Forget the Sprays: Roaches and Their Allergens Reduced in Schools Using IPM
(PhysOrg.com) -- A North Carolina State University study shows that using integrated pest management (IPM) to control pests in public schools - monitoring closely for signs of pests and then utilizing baits and traps in areas where pests are located - reduces pests and their allergens more effectively than the conventional method of spraying pesticides on a predetermined schedule, whether there are cockroaches present or not.
IPM dramatically controls German cockroaches - common school pests - and reduces their allergens, resulting in a healthier environment for students, teachers and staff. Cockroach allergens are associated with allergies and asthma problems, particularly among inner-city children.
A study showing the results of tests comparing the two methods in several North Carolina schools appears in the May issue of the Journal of Medical Entomology.
The results are good news for the 70 North Carolina school districts that have already converted - or are currently converting - to IPM, say Dr. Godfrey Nalyanya, extension specialist in entomology, and Dr. Coby Schal, Blanton J. Whitmire Distinguished Professor of Entomology, two of the NC State researchers involved in the study. It's also good news for schools that haven't made the switch.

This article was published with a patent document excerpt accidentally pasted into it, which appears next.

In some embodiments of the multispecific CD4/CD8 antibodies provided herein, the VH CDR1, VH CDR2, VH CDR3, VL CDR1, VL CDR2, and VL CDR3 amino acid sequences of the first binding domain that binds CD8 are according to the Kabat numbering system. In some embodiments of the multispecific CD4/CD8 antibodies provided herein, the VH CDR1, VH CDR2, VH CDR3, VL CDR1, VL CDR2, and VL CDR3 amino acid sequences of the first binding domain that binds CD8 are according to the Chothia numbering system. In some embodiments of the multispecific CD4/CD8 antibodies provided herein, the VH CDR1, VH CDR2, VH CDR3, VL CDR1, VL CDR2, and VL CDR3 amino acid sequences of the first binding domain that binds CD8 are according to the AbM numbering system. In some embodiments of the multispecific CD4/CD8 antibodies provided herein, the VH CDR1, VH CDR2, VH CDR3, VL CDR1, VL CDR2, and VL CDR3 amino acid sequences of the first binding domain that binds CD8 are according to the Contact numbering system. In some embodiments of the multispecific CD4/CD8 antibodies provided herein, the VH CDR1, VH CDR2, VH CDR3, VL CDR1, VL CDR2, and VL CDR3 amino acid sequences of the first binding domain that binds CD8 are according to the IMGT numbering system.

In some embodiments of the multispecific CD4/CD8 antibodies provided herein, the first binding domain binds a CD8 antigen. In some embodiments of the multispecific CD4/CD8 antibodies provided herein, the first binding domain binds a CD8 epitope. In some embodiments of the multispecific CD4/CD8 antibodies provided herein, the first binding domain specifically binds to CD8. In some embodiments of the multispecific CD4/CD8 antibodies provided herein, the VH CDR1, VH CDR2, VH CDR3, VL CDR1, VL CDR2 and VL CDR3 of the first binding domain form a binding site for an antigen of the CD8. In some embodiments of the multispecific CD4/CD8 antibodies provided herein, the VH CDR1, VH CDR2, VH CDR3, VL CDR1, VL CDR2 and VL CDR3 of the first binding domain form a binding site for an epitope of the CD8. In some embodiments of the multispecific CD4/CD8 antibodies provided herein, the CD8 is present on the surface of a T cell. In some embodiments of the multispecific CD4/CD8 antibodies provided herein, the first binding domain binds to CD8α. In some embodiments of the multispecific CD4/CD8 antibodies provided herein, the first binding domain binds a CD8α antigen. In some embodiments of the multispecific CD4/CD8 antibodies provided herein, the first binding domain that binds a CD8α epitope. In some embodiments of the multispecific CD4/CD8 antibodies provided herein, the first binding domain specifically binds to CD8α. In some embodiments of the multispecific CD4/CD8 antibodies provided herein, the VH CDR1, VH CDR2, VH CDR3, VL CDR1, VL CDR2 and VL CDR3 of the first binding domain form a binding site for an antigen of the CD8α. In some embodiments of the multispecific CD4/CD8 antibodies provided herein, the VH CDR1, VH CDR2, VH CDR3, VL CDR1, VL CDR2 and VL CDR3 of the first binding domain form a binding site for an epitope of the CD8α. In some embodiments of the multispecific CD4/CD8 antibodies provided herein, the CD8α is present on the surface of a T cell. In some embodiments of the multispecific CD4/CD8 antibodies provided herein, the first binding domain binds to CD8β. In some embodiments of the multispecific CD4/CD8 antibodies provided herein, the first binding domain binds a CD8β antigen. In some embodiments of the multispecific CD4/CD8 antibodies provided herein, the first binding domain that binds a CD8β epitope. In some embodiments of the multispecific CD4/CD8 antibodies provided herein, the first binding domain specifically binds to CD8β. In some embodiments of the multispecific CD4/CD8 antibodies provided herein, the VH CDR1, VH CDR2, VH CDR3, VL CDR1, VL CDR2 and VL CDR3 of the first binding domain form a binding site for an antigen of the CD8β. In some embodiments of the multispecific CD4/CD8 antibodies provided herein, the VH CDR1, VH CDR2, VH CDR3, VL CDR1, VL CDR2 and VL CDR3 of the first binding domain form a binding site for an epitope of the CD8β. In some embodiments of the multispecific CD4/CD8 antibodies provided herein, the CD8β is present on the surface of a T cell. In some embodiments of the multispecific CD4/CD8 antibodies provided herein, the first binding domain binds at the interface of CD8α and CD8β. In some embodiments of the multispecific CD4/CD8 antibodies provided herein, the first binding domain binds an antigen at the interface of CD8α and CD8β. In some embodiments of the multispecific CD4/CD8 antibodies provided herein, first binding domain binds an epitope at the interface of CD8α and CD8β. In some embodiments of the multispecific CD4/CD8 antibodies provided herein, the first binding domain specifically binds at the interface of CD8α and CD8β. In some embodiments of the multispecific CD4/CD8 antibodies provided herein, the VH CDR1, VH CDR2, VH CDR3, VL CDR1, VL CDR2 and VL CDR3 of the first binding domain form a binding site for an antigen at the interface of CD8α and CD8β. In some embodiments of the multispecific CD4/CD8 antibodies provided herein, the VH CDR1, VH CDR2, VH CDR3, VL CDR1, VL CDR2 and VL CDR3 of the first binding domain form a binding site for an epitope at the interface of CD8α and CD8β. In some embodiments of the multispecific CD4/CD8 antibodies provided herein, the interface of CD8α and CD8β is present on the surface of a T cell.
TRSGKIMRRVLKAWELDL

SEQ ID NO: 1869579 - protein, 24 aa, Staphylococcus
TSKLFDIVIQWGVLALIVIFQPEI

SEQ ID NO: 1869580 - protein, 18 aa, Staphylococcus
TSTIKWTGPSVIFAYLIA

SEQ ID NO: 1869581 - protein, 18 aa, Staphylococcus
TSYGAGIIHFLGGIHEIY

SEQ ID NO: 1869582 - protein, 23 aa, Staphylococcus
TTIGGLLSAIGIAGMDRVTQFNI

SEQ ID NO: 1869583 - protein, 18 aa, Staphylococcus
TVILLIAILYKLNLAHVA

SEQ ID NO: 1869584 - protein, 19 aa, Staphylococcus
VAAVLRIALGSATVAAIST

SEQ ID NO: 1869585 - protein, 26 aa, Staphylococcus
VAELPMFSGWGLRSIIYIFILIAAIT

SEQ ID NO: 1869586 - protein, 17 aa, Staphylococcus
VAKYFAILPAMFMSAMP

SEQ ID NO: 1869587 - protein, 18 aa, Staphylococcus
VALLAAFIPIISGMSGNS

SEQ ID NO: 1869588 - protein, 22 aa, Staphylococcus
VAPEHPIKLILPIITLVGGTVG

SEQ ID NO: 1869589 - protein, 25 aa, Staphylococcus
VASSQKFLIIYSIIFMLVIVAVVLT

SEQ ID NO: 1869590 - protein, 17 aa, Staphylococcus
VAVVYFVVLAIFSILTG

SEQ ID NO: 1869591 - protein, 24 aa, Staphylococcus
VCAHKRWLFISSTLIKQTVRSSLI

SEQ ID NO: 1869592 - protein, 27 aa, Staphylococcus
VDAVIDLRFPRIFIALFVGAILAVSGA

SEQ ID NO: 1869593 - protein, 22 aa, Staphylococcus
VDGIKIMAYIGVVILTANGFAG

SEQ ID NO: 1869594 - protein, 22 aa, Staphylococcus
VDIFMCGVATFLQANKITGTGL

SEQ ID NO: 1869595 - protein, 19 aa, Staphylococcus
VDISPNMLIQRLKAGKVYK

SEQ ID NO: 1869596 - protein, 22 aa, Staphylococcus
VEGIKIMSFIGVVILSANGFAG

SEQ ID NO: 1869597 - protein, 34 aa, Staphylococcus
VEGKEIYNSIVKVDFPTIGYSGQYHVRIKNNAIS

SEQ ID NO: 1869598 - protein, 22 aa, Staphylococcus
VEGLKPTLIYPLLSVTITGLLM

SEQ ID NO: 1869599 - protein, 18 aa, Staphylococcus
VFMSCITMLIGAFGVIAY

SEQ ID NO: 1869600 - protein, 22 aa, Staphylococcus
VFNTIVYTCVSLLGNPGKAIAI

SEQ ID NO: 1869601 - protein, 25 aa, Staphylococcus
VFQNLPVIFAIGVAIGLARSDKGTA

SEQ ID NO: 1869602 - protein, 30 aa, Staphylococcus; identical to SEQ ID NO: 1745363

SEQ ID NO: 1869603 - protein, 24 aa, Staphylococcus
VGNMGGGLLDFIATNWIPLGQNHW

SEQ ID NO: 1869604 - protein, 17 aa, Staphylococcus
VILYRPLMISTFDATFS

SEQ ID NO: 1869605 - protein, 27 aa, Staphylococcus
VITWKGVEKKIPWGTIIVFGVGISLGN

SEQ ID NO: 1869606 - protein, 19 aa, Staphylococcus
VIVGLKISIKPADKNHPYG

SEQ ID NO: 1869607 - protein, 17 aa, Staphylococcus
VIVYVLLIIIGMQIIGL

"North Carolina schools are mandated to convert to IPM by 2011, so these findings give credibility that IPM has superior and longer-lasting results than pesticide use alone," Nalyanya says.
The study examined the number of cockroaches caught in traps, as well as the concentrations of cockroach allergens in two school districts using the conventional method and one school district using IPM. Schools using IPM had no cockroaches caught in traps, and much
lower concentrations of cockroach allergen Bla g 1 - the most common cockroach allergen - than schools using conventional pest control.
The study was so convincing that the two school districts using conventional pest control quickly made the switch to IPM, Nalyanya says.
IPM has been used in agricultural settings for many years, but is just starting to be used more heavily in buildings or structures, the researchers say.
While this study and others conducted by NC State scientists show that IPM is more effective and ecologically superior to conventional pest control methods, Nalyanya and Schal say that there's long-term economic benefit as well. Setting up the IPM infrastructure and changing existing contracts with pest control providers takes time and money, but the results are worth it.
"The monetary costs for IPM might be higher initially, but it pays for itself down the road and provides a healthier school environment," Nalyanya says.